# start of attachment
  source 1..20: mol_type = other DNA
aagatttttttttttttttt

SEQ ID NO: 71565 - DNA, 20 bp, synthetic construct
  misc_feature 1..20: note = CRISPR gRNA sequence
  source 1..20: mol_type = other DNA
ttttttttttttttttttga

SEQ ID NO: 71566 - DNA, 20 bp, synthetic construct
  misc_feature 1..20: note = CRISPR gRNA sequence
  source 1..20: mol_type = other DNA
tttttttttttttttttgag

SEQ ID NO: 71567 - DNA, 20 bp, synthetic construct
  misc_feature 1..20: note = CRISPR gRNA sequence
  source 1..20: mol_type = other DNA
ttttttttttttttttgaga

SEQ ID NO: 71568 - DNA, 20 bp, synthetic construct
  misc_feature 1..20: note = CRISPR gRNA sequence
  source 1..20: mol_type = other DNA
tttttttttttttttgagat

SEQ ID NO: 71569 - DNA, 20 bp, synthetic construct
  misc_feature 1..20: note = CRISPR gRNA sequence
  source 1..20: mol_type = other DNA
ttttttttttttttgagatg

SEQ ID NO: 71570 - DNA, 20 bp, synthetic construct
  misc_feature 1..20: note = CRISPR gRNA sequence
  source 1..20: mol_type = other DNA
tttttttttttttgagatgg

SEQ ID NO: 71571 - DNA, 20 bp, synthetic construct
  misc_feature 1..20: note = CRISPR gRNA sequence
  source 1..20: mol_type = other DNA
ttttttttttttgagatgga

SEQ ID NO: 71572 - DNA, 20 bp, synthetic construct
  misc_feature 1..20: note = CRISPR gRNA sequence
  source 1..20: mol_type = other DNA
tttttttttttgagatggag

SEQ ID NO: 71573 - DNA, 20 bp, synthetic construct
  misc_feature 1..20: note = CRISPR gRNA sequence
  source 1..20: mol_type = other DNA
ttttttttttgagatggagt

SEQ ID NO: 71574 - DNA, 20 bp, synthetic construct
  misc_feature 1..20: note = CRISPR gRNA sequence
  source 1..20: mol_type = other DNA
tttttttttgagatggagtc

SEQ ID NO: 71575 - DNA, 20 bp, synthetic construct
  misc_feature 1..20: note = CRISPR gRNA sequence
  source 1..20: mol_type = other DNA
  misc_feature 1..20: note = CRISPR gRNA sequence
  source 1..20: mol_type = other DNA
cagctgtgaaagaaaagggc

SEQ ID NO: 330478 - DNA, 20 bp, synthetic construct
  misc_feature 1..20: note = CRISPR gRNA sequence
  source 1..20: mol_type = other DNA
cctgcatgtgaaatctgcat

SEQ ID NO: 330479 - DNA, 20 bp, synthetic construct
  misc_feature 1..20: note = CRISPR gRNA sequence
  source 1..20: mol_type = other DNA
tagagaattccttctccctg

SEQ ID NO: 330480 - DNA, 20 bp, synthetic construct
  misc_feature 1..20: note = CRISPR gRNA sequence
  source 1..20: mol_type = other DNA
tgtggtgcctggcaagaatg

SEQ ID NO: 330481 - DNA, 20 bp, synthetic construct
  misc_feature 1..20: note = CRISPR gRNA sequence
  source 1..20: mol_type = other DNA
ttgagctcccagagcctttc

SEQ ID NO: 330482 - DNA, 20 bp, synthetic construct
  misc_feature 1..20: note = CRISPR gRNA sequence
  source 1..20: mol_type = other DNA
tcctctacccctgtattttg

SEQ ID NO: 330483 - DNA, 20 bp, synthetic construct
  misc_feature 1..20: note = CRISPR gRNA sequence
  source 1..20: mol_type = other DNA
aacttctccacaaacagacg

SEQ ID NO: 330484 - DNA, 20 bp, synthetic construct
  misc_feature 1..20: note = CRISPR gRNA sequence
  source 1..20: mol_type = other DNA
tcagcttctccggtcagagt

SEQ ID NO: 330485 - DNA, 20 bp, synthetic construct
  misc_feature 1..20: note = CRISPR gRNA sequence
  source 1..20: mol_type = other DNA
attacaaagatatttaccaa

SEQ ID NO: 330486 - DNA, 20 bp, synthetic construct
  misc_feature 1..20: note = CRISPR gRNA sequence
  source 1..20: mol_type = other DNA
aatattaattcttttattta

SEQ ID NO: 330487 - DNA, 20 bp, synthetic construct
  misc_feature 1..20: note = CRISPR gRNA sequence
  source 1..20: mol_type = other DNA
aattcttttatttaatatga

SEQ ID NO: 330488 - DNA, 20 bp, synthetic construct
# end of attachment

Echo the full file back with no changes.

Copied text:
  source 1..20: mol_type = other DNA
aagatttttttttttttttt

SEQ ID NO: 71565 - DNA, 20 bp, synthetic construct
  misc_feature 1..20: note = CRISPR gRNA sequence
  source 1..20: mol_type = other DNA
ttttttttttttttttttga

SEQ ID NO: 71566 - DNA, 20 bp, synthetic construct
  misc_feature 1..20: note = CRISPR gRNA sequence
  source 1..20: mol_type = other DNA
tttttttttttttttttgag

SEQ ID NO: 71567 - DNA, 20 bp, synthetic construct
  misc_feature 1..20: note = CRISPR gRNA sequence
  source 1..20: mol_type = other DNA
ttttttttttttttttgaga

SEQ ID NO: 71568 - DNA, 20 bp, synthetic construct
  misc_feature 1..20: note = CRISPR gRNA sequence
  source 1..20: mol_type = other DNA
tttttttttttttttgagat

SEQ ID NO: 71569 - DNA, 20 bp, synthetic construct
  misc_feature 1..20: note = CRISPR gRNA sequence
  source 1..20: mol_type = other DNA
ttttttttttttttgagatg

SEQ ID NO: 71570 - DNA, 20 bp, synthetic construct
  misc_feature 1..20: note = CRISPR gRNA sequence
  source 1..20: mol_type = other DNA
tttttttttttttgagatgg

SEQ ID NO: 71571 - DNA, 20 bp, synthetic construct
  misc_feature 1..20: note = CRISPR gRNA sequence
  source 1..20: mol_type = other DNA
ttttttttttttgagatgga

SEQ ID NO: 71572 - DNA, 20 bp, synthetic construct
  misc_feature 1..20: note = CRISPR gRNA sequence
  source 1..20: mol_type = other DNA
tttttttttttgagatggag

SEQ ID NO: 71573 - DNA, 20 bp, synthetic construct
  misc_feature 1..20: note = CRISPR gRNA sequence
  source 1..20: mol_type = other DNA
ttttttttttgagatggagt

SEQ ID NO: 71574 - DNA, 20 bp, synthetic construct
  misc_feature 1..20: note = CRISPR gRNA sequence
  source 1..20: mol_type = other DNA
tttttttttgagatggagtc

SEQ ID NO: 71575 - DNA, 20 bp, synthetic construct
  misc_feature 1..20: note = CRISPR gRNA sequence
  source 1..20: mol_type = other DNA
  misc_feature 1..20: note = CRISPR gRNA sequence
  source 1..20: mol_type = other DNA
cagctgtgaaagaaaagggc

SEQ ID NO: 330478 - DNA, 20 bp, synthetic construct
  misc_feature 1..20: note = CRISPR gRNA sequence
  source 1..20: mol_type = other DNA
cctgcatgtgaaatctgcat

SEQ ID NO: 330479 - DNA, 20 bp, synthetic construct
  misc_feature 1..20: note = CRISPR gRNA sequence
  source 1..20: mol_type = other DNA
tagagaattccttctccctg

SEQ ID NO: 330480 - DNA, 20 bp, synthetic construct
  misc_feature 1..20: note = CRISPR gRNA sequence
  source 1..20: mol_type = other DNA
tgtggtgcctggcaagaatg

SEQ ID NO: 330481 - DNA, 20 bp, synthetic construct
  misc_feature 1..20: note = CRISPR gRNA sequence
  source 1..20: mol_type = other DNA
ttgagctcccagagcctttc

SEQ ID NO: 330482 - DNA, 20 bp, synthetic construct
  misc_feature 1..20: note = CRISPR gRNA sequence
  source 1..20: mol_type = other DNA
tcctctacccctgtattttg

SEQ ID NO: 330483 - DNA, 20 bp, synthetic construct
  misc_feature 1..20: note = CRISPR gRNA sequence
  source 1..20: mol_type = other DNA
aacttctccacaaacagacg

SEQ ID NO: 330484 - DNA, 20 bp, synthetic construct
  misc_feature 1..20: note = CRISPR gRNA sequence
  source 1..20: mol_type = other DNA
tcagcttctccggtcagagt

SEQ ID NO: 330485 - DNA, 20 bp, synthetic construct
  misc_feature 1..20: note = CRISPR gRNA sequence
  source 1..20: mol_type = other DNA
attacaaagatatttaccaa

SEQ ID NO: 330486 - DNA, 20 bp, synthetic construct
  misc_feature 1..20: note = CRISPR gRNA sequence
  source 1..20: mol_type = other DNA
aatattaattcttttattta

SEQ ID NO: 330487 - DNA, 20 bp, synthetic construct
  misc_feature 1..20: note = CRISPR gRNA sequence
  source 1..20: mol_type = other DNA
aattcttttatttaatatga

SEQ ID NO: 330488 - DNA, 20 bp, synthetic construct